Thursday, March 3, 2011

To Report or not to Report: That is the Question

In class this week we've been focusing on the role of the journalist and media during the time of war. What about during our current time of protests?
In todays New York Times, there is an article about China's limitations on foreign journalists, where the government goes so far as to threaten the journalists to confiscate their visas if they do not comply with the limitations. Do journalists from other countries have the right to go into China and report on the current issues? Do we as citizens of other countries have the right to know what is happening in China or other non democratic countries?

check out the article...


  1. I don't know if we, as Americans, have the right to go into another country and report their business. I do think though, that as Americans, we have the right to go into countries where there is American activity, such as into a country where America is fighting a war, and report that information. I certainly do not believe that such news should then be censored and sugar coated for the general population. If you can't deal with, then turn off the TV. But just because you can't deal with it does not mean that the rest of the population needs to be in the dark because of you.

  2. When doing your own investigation on an incident you are sure to get the full and most accurate rendition but sometimes the attempt to attain the full rendition ends up being an exaggerated violation of privacy. The best way to asses this situation is by looking at it from the other side. If random Chinese reporters came to America and involved themselves in affairs that were not theirs especially knowing that the American government was limiting its own people's involvement we all know that would not go over well with anyone. So yes it's important to know what going on but why go where you're not wanted?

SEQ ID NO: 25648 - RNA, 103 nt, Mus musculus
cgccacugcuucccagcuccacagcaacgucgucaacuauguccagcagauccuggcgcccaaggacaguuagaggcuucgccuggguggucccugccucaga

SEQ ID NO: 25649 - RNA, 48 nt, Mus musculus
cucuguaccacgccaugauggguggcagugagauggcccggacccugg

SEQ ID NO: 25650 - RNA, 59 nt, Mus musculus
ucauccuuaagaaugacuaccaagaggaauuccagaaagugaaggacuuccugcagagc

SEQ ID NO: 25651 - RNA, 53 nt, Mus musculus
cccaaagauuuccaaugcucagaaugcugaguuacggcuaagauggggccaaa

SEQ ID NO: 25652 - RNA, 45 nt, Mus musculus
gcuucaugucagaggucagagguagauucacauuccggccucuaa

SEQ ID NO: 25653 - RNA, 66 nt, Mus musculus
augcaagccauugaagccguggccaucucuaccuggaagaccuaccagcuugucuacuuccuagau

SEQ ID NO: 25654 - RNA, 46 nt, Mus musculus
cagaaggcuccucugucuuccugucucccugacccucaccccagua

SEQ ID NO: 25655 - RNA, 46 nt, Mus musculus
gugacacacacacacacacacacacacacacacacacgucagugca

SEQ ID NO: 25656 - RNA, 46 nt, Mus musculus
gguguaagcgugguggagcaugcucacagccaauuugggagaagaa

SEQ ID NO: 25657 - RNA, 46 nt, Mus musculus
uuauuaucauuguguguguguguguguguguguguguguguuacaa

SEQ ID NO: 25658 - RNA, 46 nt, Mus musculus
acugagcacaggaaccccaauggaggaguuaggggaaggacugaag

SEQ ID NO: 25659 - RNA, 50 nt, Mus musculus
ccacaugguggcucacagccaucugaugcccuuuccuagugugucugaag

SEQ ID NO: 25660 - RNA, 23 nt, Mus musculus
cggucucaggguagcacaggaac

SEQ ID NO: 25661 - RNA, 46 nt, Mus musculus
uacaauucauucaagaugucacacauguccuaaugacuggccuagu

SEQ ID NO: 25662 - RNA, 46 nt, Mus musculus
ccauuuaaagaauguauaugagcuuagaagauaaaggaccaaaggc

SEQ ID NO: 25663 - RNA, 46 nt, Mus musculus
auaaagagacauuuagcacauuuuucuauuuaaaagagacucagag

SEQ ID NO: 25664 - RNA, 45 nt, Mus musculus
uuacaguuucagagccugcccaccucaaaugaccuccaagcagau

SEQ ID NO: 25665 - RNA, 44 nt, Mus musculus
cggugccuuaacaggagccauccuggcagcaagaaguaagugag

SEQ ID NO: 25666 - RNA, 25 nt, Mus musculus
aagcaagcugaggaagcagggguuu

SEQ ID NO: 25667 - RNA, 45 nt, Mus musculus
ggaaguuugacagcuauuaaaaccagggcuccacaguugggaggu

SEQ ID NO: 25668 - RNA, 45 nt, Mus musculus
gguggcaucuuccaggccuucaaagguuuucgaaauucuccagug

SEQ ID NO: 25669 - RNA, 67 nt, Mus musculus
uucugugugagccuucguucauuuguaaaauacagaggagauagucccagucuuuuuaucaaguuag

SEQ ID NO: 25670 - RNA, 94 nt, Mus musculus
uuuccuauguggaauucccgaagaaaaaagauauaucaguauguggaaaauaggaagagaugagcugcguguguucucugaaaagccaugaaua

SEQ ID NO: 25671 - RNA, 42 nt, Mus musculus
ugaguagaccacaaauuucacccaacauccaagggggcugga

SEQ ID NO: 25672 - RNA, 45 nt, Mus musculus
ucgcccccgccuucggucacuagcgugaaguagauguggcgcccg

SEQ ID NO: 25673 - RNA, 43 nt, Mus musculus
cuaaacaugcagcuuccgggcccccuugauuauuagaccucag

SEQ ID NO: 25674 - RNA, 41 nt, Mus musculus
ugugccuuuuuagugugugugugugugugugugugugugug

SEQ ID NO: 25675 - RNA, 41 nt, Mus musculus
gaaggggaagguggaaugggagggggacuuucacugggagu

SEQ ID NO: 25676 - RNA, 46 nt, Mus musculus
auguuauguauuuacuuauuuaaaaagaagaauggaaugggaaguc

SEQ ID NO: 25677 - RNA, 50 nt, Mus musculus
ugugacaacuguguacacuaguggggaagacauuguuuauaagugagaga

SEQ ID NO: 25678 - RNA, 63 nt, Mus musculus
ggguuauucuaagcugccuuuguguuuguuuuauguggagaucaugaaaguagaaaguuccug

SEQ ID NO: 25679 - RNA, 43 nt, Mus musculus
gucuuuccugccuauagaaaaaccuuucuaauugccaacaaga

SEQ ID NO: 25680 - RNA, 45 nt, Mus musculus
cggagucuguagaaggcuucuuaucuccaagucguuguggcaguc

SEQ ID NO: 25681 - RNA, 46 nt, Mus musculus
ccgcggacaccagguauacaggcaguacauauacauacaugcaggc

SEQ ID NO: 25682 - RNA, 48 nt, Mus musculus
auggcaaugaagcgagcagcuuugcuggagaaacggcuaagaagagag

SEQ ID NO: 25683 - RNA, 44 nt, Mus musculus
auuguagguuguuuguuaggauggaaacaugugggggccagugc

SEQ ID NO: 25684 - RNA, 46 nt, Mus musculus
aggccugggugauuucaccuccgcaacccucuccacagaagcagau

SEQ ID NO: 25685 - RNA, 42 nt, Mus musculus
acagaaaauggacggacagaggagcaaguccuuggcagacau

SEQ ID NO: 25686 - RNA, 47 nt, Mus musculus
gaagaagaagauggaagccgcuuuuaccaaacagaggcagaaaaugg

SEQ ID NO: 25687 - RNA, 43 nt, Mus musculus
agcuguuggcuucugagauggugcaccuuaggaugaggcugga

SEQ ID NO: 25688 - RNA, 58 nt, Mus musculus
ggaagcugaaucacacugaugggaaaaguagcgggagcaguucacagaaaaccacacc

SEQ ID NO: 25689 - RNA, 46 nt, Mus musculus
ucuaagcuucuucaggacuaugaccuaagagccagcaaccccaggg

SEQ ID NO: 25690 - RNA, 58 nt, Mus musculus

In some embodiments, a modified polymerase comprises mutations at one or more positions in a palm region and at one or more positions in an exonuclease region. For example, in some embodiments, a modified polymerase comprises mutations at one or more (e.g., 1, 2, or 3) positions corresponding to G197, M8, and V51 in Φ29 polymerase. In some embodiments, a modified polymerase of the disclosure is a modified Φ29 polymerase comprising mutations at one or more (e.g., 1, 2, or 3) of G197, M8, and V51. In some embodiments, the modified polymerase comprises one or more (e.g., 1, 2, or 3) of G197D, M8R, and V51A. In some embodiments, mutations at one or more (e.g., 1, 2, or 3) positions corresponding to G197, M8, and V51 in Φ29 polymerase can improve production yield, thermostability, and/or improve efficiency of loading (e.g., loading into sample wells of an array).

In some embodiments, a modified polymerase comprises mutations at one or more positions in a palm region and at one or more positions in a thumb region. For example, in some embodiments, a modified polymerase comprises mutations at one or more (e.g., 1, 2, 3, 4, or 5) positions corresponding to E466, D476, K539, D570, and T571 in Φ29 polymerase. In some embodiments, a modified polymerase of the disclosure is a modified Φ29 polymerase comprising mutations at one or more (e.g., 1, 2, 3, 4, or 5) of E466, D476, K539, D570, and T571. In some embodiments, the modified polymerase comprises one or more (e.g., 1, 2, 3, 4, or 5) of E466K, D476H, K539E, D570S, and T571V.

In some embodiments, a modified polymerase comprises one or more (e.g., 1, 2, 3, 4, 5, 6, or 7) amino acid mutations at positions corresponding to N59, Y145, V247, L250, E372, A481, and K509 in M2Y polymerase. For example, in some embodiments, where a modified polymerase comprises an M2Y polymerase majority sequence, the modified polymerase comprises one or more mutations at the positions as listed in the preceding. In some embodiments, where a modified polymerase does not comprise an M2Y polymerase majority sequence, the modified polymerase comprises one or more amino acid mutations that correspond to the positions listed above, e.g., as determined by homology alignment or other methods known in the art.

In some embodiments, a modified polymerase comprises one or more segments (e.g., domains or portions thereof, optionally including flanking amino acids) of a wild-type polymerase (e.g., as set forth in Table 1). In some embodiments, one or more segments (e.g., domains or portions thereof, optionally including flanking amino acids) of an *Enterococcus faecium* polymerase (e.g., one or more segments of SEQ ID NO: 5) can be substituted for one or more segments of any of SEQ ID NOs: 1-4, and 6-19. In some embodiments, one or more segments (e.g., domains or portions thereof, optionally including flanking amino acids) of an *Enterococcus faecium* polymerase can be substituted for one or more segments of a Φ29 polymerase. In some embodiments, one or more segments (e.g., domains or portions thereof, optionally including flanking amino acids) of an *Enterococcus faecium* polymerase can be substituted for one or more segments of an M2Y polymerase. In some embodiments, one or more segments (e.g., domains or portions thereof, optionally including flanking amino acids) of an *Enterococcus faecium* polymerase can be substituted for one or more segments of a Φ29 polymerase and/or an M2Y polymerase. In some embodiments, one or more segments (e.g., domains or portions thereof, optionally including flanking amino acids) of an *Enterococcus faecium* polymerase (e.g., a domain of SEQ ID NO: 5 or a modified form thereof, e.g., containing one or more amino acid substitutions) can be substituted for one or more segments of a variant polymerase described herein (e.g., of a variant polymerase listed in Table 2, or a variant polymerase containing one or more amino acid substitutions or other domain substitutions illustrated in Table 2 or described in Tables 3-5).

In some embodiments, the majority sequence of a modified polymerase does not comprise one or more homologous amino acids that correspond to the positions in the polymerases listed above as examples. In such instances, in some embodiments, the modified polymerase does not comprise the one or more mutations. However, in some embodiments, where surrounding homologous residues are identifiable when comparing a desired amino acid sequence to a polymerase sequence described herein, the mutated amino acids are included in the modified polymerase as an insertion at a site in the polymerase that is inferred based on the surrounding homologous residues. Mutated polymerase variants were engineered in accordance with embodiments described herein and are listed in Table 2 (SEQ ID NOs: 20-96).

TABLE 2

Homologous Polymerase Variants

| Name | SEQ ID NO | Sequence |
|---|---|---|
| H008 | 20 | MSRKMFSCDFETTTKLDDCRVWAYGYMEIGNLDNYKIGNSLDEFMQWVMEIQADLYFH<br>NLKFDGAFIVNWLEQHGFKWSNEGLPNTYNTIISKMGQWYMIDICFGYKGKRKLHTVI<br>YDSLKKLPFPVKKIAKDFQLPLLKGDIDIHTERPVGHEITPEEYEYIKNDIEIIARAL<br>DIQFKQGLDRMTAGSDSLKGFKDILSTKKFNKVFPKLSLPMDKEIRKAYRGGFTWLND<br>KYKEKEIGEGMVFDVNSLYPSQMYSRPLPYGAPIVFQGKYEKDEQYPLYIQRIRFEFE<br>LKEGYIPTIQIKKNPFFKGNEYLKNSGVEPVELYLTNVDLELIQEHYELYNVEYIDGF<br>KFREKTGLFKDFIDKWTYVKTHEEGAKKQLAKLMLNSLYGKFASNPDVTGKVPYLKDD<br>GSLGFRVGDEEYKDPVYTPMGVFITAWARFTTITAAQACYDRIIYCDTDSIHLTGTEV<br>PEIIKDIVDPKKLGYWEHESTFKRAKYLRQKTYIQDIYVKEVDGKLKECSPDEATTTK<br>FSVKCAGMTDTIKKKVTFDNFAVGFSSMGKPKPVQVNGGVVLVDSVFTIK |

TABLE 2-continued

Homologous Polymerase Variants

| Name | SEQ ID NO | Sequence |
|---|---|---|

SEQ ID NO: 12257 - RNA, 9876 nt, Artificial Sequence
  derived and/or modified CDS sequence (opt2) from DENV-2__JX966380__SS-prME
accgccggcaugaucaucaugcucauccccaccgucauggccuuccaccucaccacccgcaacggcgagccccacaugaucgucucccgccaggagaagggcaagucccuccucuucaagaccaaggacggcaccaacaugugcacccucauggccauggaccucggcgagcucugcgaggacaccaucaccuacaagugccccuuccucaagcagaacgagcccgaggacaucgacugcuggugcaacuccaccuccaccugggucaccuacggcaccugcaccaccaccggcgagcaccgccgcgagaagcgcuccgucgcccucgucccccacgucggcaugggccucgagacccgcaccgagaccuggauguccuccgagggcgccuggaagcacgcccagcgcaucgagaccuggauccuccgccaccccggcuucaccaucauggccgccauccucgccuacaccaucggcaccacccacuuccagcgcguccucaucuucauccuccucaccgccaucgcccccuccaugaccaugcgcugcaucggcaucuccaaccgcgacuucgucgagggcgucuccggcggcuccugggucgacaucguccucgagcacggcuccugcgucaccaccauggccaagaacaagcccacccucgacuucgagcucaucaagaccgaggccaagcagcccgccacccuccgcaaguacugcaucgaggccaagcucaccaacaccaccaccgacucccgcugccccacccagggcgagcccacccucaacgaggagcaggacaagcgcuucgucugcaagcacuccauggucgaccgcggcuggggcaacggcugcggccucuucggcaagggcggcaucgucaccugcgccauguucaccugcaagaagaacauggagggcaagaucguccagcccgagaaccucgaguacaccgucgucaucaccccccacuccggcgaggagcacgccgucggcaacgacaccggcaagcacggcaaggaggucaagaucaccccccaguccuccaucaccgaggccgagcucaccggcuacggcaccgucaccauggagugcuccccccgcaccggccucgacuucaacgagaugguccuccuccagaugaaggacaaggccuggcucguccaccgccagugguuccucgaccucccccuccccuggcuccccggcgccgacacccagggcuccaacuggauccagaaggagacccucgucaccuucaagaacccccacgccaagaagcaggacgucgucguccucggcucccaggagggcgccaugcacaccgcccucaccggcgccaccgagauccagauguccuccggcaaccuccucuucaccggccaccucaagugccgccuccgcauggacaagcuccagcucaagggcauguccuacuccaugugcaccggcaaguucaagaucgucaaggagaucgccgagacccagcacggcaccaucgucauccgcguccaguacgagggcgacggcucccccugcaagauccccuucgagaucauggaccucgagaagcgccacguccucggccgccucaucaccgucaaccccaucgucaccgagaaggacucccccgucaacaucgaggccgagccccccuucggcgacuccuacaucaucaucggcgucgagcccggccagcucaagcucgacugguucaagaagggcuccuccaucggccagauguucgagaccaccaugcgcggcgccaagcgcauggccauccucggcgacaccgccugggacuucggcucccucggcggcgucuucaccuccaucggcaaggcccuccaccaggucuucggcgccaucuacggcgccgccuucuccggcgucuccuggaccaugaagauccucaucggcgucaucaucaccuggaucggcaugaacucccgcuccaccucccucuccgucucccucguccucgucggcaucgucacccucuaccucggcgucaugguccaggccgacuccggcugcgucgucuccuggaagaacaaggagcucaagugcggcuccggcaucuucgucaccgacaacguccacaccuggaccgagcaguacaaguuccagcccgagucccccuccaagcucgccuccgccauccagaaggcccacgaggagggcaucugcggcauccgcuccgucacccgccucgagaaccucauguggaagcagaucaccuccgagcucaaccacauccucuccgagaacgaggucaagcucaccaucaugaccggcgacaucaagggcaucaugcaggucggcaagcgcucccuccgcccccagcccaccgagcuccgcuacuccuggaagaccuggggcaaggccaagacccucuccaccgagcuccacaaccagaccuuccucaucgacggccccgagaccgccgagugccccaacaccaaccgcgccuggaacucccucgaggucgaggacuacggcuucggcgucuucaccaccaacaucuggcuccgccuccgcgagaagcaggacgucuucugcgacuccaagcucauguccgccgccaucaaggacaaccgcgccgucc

3. Hmm well since the U.S.’s territory doesn’t extend into China i would say that in the strictest sense they do not have the right, but really since when has that stopped anyone? we all overstep our boundaries occasionally, and just because they are not in the right to arbitrarily report china’s activities doesn’t mean we don’t have the responsibility to do so anyway. It's all a matter of priorities. Does a journalist owe more to following the established rules, or to informing ones readers of events that could potentially affect them?

  4. It's interesting that the government is worrying about the international journalists - I feel like before the internet this was not as big of an issue because the people in the country could not communicate internationally the way people can now. However, with the internet, people can communicate with each other from all over the world, so I guess the Chinese government fears that if information is presented even outside of the country, it could spur protesting within the country itself. Just a thought...